The San Antonio Express-News and the Austin American Statesman both endorsed Rick Perry. The Express-News was the most enthusiastic of the three big-city papers that favored the incumbent governor (the Dallas Morning News being the third). It focused almost entirely on the governor’s record, particularly his leadership in solving the school finance crisis, his support for economic development (the Toyota plant in San Antonio in particular), and his advocacy of the Trans-Texas Corridor (while noting its reservations about the lack of transparency in the contracting process). The editorial did not dwell on the governor’s deficiencies or those of the other candidates, except to say, “Of course, Perry has flaws, as do his opponents.”
The American Statesman was more restrained. It focused on the last eighteen months of his six years in office:
“We have often been critical of Rick Perry’s leadership, but in the past 18 months, the Texas governor has produced results that required initiative and creativity.
“He enlisted former Comptroller John Sharp, a Democrat, to craft a school finance bill. It was a truly inspired move that generated bipartisan support for the legislation that finally led to an overhaul of the state’s business tax and a bit of property tax relief. He has taken the lead on border security, and gets a tip of the hat for appointments that reflect the racial and ethnic diversity of modern Texas.
“Against a weak field of sometimes right but never uncertain opposition, moreover, the governor looks good by comparison. We would be more enthusiastic in recommending Perry’s re-election if we were sure that the governor will follow the direction he set for himself the past 18 months. Our reservations notwithstanding, Perry, 56, is the best of the five-candidate lot.”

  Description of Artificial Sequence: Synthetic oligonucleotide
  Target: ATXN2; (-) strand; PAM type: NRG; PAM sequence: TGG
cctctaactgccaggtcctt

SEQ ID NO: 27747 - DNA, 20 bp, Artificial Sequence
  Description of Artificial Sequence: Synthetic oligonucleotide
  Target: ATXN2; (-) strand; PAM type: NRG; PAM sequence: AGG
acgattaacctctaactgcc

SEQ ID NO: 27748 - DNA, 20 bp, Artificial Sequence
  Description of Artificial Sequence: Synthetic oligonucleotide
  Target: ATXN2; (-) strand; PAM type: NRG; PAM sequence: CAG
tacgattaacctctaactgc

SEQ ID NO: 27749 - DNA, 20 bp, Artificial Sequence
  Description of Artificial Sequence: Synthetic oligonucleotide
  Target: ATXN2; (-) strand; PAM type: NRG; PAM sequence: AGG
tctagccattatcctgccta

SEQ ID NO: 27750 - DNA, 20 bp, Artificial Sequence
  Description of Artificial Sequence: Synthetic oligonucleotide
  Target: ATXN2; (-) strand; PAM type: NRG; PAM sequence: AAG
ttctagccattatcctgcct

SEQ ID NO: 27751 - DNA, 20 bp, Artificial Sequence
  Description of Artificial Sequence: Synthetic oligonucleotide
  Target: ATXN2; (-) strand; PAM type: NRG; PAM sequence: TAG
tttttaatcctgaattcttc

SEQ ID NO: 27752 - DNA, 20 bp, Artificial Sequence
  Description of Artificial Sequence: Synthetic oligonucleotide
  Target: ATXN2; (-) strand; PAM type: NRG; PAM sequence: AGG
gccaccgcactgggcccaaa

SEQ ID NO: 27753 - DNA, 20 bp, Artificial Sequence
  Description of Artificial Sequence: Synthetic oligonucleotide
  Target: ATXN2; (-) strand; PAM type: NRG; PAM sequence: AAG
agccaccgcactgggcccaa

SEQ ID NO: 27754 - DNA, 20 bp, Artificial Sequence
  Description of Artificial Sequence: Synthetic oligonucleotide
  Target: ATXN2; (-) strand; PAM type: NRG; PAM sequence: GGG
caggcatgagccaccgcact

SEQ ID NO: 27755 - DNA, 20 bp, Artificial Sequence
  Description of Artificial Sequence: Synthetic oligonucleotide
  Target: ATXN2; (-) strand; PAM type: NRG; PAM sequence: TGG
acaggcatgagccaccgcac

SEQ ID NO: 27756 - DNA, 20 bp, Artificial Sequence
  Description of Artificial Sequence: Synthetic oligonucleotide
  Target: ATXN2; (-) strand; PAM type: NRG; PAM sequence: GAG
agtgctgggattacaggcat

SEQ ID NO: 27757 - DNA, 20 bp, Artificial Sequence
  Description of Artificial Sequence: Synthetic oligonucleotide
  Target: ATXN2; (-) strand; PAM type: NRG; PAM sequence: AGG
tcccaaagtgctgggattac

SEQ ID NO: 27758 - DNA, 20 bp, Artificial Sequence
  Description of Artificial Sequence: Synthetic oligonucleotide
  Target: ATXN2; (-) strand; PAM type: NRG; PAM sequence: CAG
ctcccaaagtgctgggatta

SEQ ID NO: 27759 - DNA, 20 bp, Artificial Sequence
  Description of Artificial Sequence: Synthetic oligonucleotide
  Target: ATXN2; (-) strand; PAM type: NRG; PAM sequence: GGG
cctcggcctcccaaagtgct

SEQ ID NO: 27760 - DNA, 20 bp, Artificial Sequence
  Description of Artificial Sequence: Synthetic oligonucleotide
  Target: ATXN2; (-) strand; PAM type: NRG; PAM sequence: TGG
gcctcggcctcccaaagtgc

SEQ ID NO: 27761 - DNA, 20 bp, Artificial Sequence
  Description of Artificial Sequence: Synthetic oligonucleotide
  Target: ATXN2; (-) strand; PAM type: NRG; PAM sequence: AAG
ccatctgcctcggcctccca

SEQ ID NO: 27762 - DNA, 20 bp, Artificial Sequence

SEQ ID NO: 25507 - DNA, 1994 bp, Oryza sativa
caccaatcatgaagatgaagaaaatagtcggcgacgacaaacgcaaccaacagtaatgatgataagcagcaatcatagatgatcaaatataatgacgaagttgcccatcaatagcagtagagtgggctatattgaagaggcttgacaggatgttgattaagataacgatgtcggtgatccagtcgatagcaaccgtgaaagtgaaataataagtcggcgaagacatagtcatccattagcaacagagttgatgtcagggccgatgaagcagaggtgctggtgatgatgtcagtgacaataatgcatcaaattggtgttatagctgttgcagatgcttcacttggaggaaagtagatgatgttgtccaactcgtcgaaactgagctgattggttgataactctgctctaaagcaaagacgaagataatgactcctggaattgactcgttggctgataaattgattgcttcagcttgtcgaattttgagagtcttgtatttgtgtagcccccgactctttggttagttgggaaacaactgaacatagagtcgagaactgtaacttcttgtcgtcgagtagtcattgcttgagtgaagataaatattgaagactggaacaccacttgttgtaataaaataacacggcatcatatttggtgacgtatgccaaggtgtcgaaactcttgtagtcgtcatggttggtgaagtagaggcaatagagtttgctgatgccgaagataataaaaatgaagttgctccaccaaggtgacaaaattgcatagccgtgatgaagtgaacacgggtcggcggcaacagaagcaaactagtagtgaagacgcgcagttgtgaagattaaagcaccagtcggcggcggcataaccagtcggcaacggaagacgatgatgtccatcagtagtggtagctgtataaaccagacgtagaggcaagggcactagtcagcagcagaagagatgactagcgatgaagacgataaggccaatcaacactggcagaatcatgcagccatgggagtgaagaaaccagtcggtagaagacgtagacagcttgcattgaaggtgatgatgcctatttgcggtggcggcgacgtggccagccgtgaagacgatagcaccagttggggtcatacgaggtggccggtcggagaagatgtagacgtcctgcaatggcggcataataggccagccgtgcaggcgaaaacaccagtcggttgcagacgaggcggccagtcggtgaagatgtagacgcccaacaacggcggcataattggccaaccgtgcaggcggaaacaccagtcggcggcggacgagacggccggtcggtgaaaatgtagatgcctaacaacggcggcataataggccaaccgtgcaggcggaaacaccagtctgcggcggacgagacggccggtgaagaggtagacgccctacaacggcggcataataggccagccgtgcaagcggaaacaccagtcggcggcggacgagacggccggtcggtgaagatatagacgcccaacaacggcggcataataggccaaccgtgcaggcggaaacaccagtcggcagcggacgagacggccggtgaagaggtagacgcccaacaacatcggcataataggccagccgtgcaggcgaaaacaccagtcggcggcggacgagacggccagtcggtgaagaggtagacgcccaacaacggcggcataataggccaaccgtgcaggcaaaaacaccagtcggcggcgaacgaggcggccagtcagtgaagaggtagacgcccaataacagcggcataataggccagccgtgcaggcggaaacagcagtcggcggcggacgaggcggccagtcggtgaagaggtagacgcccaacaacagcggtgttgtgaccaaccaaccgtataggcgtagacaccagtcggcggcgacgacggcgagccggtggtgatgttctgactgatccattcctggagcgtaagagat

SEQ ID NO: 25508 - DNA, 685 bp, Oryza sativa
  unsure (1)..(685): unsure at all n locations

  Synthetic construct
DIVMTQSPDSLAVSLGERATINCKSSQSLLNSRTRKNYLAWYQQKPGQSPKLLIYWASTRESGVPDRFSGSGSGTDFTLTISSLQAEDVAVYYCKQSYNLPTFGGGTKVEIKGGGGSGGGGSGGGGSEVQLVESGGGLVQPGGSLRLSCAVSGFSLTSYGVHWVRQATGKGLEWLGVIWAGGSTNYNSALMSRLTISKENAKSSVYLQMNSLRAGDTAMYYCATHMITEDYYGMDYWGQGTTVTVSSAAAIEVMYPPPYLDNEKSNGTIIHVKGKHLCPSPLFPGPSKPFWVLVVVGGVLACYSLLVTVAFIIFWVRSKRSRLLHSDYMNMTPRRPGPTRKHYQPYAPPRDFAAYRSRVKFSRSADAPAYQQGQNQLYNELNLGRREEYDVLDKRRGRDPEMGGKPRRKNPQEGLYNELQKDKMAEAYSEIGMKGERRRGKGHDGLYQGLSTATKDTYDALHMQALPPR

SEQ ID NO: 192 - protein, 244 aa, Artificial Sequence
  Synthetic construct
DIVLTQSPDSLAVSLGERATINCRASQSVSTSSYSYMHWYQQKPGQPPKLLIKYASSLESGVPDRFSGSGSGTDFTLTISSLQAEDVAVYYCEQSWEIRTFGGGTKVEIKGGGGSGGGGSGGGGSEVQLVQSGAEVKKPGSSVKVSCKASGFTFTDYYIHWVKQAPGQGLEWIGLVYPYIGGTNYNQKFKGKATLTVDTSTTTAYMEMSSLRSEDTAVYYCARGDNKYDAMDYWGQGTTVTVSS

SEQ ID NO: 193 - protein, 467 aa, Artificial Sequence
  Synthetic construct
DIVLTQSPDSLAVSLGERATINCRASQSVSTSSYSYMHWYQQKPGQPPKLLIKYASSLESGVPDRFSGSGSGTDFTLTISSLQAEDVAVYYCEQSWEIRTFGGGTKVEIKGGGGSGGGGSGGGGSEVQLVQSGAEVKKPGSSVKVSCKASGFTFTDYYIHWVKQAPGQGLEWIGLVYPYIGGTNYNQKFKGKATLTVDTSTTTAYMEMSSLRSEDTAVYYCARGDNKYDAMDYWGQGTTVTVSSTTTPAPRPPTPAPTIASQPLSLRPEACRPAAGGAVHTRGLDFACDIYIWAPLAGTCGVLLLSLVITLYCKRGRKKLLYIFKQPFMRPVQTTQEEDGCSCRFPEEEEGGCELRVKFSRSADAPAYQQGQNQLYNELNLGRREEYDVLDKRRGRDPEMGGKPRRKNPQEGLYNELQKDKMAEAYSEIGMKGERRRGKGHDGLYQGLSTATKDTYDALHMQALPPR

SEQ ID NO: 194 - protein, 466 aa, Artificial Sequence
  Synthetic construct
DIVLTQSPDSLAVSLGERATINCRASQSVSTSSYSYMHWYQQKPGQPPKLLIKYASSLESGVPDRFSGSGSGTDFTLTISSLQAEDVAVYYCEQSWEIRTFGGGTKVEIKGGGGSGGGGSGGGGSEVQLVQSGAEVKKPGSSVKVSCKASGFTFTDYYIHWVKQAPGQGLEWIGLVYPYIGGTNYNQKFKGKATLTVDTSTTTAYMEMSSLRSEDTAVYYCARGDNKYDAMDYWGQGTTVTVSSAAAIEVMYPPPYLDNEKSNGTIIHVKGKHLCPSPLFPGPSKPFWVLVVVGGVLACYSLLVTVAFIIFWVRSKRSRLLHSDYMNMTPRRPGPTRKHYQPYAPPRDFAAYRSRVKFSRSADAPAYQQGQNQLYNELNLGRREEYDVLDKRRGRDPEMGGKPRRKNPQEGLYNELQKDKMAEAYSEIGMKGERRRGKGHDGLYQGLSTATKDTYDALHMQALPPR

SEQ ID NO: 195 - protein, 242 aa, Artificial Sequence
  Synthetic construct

Like the Express-News, the Statesman was critical of Perry’s reluctance to disclose the details of the Trans-Texas Corridor contract, but, also like the San Antonio paper, it supported the concept. After characterizing Perry as “a good retail politician” but “downright tone deaf to the wholesale aspects of the business,” it had nothing good to say about his opponents. Democrat Chris Bell “is adept at neither wholesale nor retail politics. He has some ideas worth looking at, but it’s doubtful that any of his policy proposals have a chance of resulting in action. Bell is right about public education’s over-reliance on the TAKS test, but one issue does not a governor make.” And Carole Keeton Strayhorn and Kinky Friedman “are running full tilt to nowhere.”